We don’t (for travel at any rate) anymore, although we did at the time LB was written. PCG was obviously doing Ray a huge favor, but how he could figure out her bus schedule from the airline’s computer is beyond me. He isn’t, after all, a travel agent.
    Brief OT diversion
    Even with how horrible these novels appear to be, how could anyone think that Kirk Cameron, whose Mike Seaver-dom has been totally ingrained in the minds of my generation, could ever be realistic as a seasoned, battle-hardened, ace reporter??? Cub reporter, maybe…

  36. Dunno, I’ve been picturing Buck as looking more like John Candy. No, wait, that’s Uncle Buck…

  37. Sell a used book for a penny and make a buck or two profit off “shipping and handling”.

  38. Can anyone tell me if the later books have incorporated the technology of today? Or did this not-too-distant-future stop somewhere in the 90’s? And if they have incorporated today’s tech how can they explain the technological advancements (did they even bother too)?
    How can rapture prone evangelicals explain that the world is getting better all the time? Sure it seems worse because we have more news and such, but the average person works less today than he did 50 years ago, lives longer today than he did 50 years ago, has a bigger house — etc. I mean I don’t know of anyone that died of diphtheria. We’ve killed off great plagues like polio and small pox. All in all I feel we’re doing pretty well for ourselves.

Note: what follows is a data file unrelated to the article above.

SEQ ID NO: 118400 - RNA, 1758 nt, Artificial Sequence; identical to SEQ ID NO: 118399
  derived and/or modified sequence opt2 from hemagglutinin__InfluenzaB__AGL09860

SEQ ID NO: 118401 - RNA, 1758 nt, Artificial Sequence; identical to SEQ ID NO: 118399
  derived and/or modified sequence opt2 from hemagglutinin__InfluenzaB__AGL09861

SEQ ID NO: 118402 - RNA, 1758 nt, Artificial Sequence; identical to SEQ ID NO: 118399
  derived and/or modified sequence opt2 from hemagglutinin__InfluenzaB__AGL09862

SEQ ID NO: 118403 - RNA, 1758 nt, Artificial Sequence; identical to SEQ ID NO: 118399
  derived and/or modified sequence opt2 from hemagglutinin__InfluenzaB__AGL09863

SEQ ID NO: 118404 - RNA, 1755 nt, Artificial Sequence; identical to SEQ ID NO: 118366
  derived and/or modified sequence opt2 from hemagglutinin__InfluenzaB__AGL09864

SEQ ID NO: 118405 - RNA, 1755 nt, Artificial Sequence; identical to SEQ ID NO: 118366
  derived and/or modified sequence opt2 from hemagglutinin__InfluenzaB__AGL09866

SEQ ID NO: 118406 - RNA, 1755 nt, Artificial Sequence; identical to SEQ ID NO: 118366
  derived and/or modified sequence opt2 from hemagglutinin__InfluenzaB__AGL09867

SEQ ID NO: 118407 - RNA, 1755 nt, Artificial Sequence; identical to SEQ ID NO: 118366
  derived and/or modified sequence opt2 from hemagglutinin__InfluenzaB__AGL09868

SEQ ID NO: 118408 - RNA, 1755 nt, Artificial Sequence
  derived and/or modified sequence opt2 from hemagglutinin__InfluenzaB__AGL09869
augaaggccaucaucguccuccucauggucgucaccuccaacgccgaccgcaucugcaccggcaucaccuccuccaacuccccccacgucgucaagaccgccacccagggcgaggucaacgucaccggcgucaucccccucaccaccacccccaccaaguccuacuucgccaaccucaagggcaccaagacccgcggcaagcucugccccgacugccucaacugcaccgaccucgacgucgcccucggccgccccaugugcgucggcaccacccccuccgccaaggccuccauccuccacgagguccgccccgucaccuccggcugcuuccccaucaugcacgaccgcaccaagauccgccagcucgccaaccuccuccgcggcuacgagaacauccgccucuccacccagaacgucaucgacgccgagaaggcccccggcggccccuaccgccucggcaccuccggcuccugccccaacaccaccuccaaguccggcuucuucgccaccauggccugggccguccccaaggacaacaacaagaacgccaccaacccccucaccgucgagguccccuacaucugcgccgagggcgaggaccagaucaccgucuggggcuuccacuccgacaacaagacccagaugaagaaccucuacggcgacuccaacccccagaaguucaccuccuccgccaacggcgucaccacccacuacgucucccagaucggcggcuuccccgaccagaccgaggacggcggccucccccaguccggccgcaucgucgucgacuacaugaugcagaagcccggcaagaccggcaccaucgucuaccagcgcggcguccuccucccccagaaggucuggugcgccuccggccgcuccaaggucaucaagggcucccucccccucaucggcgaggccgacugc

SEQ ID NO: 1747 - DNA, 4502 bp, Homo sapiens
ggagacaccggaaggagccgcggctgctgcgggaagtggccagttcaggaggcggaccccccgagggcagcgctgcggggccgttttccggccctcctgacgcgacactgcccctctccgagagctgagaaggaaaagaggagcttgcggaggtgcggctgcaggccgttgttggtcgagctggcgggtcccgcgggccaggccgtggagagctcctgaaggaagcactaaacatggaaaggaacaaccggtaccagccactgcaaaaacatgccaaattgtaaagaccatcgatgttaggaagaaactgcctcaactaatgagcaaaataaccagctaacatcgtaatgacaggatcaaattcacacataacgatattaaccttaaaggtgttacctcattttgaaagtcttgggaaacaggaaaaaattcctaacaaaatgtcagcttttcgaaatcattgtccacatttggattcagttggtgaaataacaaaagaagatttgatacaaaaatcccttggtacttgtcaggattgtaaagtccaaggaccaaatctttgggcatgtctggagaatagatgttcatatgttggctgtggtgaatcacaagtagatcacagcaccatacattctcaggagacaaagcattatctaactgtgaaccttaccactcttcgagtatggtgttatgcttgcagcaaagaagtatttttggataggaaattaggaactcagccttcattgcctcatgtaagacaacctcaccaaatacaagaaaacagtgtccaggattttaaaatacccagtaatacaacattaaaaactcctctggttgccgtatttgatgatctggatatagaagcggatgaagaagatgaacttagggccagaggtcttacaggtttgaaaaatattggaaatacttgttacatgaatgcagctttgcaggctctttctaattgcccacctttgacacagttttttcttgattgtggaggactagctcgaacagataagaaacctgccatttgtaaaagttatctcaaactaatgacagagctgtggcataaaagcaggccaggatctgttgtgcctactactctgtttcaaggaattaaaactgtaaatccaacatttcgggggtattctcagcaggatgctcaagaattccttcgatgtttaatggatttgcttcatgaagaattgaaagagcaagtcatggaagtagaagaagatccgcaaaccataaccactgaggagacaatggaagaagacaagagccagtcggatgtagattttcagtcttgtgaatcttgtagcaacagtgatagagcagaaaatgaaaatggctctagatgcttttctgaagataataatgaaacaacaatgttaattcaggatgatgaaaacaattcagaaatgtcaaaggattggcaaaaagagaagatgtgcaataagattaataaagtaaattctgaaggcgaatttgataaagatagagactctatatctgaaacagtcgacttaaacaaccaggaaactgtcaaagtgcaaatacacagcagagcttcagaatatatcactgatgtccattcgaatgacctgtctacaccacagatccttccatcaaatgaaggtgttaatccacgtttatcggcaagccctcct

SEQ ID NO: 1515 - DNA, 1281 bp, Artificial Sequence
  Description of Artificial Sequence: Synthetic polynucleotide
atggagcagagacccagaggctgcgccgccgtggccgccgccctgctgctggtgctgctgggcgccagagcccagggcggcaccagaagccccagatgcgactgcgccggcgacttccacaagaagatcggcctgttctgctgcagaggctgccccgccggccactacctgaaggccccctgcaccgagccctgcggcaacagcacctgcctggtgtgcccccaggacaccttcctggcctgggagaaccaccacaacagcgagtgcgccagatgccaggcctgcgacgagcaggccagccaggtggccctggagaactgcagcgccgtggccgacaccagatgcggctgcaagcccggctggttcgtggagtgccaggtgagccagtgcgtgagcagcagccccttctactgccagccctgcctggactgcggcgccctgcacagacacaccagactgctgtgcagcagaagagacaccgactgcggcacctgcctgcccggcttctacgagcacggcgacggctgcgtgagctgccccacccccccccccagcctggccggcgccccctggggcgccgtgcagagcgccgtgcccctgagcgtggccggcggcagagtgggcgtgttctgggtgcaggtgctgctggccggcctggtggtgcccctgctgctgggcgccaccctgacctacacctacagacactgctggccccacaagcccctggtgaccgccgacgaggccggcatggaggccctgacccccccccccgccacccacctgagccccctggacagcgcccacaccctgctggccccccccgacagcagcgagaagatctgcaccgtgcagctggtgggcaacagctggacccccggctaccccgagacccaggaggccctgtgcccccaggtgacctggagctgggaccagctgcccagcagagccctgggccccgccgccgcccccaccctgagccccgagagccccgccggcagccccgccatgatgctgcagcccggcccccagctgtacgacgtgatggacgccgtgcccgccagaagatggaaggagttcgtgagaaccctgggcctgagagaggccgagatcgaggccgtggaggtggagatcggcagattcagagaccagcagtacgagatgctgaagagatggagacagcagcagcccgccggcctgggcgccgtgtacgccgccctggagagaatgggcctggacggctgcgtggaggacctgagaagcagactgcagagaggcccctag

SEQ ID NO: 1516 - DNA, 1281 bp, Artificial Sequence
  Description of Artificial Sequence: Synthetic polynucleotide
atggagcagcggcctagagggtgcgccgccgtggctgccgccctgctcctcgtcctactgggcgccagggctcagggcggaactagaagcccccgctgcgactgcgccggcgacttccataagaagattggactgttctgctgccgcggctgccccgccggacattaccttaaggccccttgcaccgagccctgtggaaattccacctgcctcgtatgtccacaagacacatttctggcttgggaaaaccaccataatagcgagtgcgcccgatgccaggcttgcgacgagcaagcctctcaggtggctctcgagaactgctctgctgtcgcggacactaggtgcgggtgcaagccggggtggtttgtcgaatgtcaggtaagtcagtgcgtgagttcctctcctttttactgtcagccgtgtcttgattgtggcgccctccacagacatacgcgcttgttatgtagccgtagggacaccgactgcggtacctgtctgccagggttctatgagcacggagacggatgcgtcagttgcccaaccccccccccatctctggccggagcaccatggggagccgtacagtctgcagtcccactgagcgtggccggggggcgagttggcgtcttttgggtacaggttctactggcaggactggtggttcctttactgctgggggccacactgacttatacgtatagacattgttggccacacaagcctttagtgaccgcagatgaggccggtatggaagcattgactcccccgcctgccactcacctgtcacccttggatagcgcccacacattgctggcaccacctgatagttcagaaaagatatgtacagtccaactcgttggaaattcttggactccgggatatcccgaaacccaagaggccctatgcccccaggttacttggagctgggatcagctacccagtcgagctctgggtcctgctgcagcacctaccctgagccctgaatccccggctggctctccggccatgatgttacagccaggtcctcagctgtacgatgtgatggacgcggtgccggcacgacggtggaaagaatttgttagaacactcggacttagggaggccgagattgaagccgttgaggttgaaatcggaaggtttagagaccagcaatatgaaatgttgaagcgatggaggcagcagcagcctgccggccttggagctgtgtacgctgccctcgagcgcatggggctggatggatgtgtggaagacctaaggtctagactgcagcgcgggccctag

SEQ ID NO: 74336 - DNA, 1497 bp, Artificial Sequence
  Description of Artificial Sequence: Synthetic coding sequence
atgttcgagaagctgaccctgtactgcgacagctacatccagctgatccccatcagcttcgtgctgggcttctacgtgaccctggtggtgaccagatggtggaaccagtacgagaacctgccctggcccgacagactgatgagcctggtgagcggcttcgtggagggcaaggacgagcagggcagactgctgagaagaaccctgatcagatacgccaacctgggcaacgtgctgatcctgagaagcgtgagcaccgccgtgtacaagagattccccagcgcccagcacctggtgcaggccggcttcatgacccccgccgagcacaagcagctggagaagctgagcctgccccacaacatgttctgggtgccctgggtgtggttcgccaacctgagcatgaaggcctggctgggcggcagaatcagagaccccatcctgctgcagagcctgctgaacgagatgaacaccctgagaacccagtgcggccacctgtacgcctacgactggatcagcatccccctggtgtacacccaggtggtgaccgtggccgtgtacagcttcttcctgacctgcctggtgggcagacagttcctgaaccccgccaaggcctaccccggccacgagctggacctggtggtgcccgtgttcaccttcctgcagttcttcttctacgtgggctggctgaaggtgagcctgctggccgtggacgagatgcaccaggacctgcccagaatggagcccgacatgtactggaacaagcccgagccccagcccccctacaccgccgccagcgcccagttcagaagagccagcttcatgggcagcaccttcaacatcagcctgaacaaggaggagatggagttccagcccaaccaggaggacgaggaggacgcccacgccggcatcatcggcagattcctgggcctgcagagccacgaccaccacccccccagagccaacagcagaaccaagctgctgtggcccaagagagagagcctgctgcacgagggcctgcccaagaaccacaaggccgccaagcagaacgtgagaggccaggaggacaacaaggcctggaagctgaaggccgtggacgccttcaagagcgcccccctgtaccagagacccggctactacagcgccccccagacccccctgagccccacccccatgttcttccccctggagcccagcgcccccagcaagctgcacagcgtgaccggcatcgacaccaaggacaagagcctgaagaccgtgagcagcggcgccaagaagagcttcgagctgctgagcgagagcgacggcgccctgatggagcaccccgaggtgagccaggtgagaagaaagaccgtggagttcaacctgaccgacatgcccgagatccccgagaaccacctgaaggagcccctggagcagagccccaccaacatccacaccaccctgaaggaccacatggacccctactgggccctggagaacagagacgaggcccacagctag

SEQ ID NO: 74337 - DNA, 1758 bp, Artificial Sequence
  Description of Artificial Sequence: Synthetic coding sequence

Sure places like the red light district of Calcutta aren’t so nice, but they’ve never been nice. But the people living there today have a better chance than ever of making it out of that life because we’re aware that they need help and we help them. I see a world that is only getting better, where fewer people starve because we have a good chance of getting to them when famine hits and better technology to save them when we get there. I don’t see a world spiraling out of control with violence and hatred.